Create your own videos online for fun and profit
As you probably know, YouTube is one pretty cool form of entertainment. There are videos in all categories ranging from the very amateurish to first-rate productions.
Naturally any elaborate video is a big deal to produce. However, let's say a Hollywood production is not your goal. You just want to put something funny online to amuse your friends or convey a point.
Lately, I've been playing around with a Web site called Eyejot.com, which allows anyone with a Webcam to create a video and then send it along to your friends.
Not only is it a messaging platform for personal communications, such as making a holiday video card or wowing your family with your latest poem, but you can apply it to business, too. You can create a video to promote your home business, whether you're selling business cards or surfboards.
It's easy to use, too. There's no software to install -- it's all Web driven.
You can start using Eyejot immediately with any browser, on a Mac or a PC. All it takes to get started is a Webcam, you can buy for less than $150.
Eyejot has an online "store" with a dozens of models to choose from, but before you buy, go to CNET's Webcam reviews to get a better idea.
You also may have to download some software. In my case, the site demanded I get Adobe Flash 9.
After installing your Webcam (which takes about 10 minutes) log onto www.eyejot.com site and click "Compose New Message" and you're on your way.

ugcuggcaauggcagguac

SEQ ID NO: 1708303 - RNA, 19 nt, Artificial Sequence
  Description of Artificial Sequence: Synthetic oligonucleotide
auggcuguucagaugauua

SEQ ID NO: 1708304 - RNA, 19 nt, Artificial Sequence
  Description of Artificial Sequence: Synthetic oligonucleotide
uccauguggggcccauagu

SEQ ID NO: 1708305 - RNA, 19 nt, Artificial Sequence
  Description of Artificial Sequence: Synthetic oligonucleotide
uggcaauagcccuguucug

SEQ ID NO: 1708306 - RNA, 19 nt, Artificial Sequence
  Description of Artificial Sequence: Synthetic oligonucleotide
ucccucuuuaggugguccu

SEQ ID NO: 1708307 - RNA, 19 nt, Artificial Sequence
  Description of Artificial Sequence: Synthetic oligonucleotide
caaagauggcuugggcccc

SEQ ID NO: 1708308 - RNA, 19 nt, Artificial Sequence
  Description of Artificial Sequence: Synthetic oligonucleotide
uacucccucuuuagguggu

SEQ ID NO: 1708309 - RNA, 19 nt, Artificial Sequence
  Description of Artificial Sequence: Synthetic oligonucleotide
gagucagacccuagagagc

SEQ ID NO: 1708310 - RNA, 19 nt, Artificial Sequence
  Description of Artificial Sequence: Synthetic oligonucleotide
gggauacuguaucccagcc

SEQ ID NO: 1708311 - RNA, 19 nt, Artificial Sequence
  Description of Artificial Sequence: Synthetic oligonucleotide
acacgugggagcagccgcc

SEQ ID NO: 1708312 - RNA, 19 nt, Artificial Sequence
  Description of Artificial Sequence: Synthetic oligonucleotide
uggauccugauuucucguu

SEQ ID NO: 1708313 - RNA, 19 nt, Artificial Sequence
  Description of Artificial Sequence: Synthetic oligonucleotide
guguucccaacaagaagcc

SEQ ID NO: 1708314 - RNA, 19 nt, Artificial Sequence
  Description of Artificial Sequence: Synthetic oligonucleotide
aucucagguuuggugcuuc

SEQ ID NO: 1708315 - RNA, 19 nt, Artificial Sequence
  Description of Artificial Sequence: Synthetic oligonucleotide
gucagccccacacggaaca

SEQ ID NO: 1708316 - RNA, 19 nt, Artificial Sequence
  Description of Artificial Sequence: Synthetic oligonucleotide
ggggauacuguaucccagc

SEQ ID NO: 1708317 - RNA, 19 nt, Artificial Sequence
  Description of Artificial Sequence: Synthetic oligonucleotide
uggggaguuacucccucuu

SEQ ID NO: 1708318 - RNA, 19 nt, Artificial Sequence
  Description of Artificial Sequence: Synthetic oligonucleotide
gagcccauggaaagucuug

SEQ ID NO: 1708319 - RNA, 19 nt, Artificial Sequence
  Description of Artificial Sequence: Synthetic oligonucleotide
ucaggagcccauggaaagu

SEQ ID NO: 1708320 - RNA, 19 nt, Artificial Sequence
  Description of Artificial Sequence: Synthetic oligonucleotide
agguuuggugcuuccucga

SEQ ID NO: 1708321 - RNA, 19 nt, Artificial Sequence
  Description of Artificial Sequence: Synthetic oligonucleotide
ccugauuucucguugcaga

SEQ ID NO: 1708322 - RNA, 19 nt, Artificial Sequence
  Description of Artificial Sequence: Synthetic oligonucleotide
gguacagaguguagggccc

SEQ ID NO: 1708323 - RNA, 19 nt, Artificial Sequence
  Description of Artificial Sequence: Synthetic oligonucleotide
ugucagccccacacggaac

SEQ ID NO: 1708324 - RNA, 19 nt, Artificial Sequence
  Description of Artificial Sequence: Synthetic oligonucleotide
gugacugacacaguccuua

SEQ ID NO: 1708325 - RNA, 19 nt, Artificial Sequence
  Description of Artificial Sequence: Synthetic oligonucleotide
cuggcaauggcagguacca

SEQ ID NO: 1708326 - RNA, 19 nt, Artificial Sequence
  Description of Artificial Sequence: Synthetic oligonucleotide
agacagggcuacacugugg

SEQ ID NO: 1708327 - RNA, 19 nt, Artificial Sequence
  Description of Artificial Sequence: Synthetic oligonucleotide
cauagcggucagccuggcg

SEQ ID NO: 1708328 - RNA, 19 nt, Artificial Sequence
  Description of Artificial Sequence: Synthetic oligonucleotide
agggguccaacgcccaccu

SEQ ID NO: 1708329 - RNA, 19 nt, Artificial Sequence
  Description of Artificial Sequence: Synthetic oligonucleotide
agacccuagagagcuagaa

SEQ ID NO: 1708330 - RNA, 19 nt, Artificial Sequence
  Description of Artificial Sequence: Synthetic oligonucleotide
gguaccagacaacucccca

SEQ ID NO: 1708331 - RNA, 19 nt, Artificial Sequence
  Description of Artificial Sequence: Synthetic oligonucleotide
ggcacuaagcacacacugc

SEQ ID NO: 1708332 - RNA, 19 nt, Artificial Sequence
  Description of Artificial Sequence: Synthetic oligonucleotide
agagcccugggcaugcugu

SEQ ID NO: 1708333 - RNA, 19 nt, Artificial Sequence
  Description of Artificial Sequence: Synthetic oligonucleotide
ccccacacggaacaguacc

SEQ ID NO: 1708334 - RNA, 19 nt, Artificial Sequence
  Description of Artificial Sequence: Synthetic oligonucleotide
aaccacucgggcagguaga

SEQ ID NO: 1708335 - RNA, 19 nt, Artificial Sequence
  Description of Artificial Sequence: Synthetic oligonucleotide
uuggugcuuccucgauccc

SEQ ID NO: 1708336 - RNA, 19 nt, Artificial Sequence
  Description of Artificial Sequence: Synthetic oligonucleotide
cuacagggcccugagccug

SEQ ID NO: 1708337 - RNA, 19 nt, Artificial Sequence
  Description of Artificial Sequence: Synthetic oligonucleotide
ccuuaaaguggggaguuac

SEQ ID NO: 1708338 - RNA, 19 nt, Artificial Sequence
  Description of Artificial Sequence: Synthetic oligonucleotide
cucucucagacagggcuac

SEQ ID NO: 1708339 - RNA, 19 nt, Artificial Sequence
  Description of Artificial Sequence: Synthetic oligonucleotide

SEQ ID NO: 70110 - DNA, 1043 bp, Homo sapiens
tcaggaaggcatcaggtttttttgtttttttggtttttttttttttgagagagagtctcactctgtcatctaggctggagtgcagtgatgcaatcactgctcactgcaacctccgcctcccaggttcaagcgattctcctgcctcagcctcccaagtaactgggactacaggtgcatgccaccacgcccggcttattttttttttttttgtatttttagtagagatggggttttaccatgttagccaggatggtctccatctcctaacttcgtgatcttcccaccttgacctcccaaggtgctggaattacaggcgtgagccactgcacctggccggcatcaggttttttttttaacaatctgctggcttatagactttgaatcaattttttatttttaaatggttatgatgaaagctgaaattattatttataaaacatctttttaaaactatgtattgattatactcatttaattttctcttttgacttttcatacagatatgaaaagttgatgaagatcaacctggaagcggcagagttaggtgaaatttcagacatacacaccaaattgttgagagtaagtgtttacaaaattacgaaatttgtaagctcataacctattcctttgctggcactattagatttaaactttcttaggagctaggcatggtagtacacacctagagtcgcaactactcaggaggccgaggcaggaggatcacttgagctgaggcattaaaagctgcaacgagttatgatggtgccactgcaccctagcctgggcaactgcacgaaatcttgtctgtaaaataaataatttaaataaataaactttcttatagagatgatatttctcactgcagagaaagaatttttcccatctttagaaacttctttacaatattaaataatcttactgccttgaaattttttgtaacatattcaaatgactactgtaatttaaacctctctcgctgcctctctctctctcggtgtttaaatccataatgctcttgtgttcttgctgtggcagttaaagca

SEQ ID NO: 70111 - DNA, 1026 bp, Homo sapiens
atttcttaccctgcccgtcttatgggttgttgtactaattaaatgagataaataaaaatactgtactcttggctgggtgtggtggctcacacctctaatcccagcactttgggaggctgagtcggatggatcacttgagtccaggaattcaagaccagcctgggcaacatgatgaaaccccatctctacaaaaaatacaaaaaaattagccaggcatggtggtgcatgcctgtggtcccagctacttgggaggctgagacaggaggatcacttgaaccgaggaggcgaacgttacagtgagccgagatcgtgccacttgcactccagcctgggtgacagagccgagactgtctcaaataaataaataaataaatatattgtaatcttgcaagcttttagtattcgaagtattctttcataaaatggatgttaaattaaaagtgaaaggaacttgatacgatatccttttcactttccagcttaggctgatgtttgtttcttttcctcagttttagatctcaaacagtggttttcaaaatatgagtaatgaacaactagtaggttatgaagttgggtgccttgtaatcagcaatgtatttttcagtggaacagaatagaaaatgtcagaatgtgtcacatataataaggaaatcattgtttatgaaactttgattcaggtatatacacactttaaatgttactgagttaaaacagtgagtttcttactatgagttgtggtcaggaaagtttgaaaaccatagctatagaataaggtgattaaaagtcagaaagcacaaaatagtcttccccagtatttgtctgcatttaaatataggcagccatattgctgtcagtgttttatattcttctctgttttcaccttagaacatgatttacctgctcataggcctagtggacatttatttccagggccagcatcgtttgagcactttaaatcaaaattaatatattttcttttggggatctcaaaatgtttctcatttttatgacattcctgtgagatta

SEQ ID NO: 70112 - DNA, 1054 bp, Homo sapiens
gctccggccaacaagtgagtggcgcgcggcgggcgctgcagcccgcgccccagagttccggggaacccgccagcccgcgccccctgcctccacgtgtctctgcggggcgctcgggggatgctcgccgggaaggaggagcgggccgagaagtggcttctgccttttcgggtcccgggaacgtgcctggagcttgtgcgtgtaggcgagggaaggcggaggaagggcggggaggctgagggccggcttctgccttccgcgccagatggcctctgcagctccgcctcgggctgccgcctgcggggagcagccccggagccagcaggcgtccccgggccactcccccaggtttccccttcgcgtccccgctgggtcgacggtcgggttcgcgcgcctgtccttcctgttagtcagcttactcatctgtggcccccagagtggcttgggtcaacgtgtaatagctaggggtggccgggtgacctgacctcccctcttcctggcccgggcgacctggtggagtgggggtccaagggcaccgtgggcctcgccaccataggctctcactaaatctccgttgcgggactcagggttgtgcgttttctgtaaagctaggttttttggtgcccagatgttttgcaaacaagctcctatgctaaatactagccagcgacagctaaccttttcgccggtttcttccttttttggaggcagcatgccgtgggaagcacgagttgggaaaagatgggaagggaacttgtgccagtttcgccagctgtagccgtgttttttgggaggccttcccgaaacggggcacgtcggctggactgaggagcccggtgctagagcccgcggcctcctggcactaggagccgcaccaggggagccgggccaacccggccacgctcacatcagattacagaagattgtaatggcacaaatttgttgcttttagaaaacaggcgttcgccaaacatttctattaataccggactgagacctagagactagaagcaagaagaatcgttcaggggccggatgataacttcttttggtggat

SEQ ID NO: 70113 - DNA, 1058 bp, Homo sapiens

The main restriction for your video production is that it can only be up to 60 seconds long. When completed, you simply send your video off to the e-mail addresses of your choice. You also have the option to create an address book for your most popular correspondents.
I played around with this site for an evening, and I must say I had fun. But there were some limitations.
First is that you have to have a decent Webcam and a good microphone. I tested the site with an older Logitech Webcam 3000 and both video and audio quality were beyond crummy.
If you want to create something that is intelligible and aesthetically pleasing, you'll need something decent, such as the newer Logitech "fusion" series
Maybe I'm missing something but another thing I didn't like is that once you create and send a video file, there's no discernable way to forward the same video (unless you've sent a link to yourself) to other people.
Eyejot files don't take up bandwidth. When you send your latest rap song to grandma, she'll get a link that takes her to a Web page to view your magnum opus.
Another cool feature is that it's easy to post your video with a service called "site widget," which easily allows you to lift the HTML code and paste it on any Web page.
There is also built-in support for iTunes (and iPods), mobile devices and social networks like MySpace.
Note that my own company has a similar service called RR Video Mail, which is free to Road Runner subscribers.
is digital phone general manager at Oceanic Time Warner Cable. He can be reached at firstname.lastname@example.org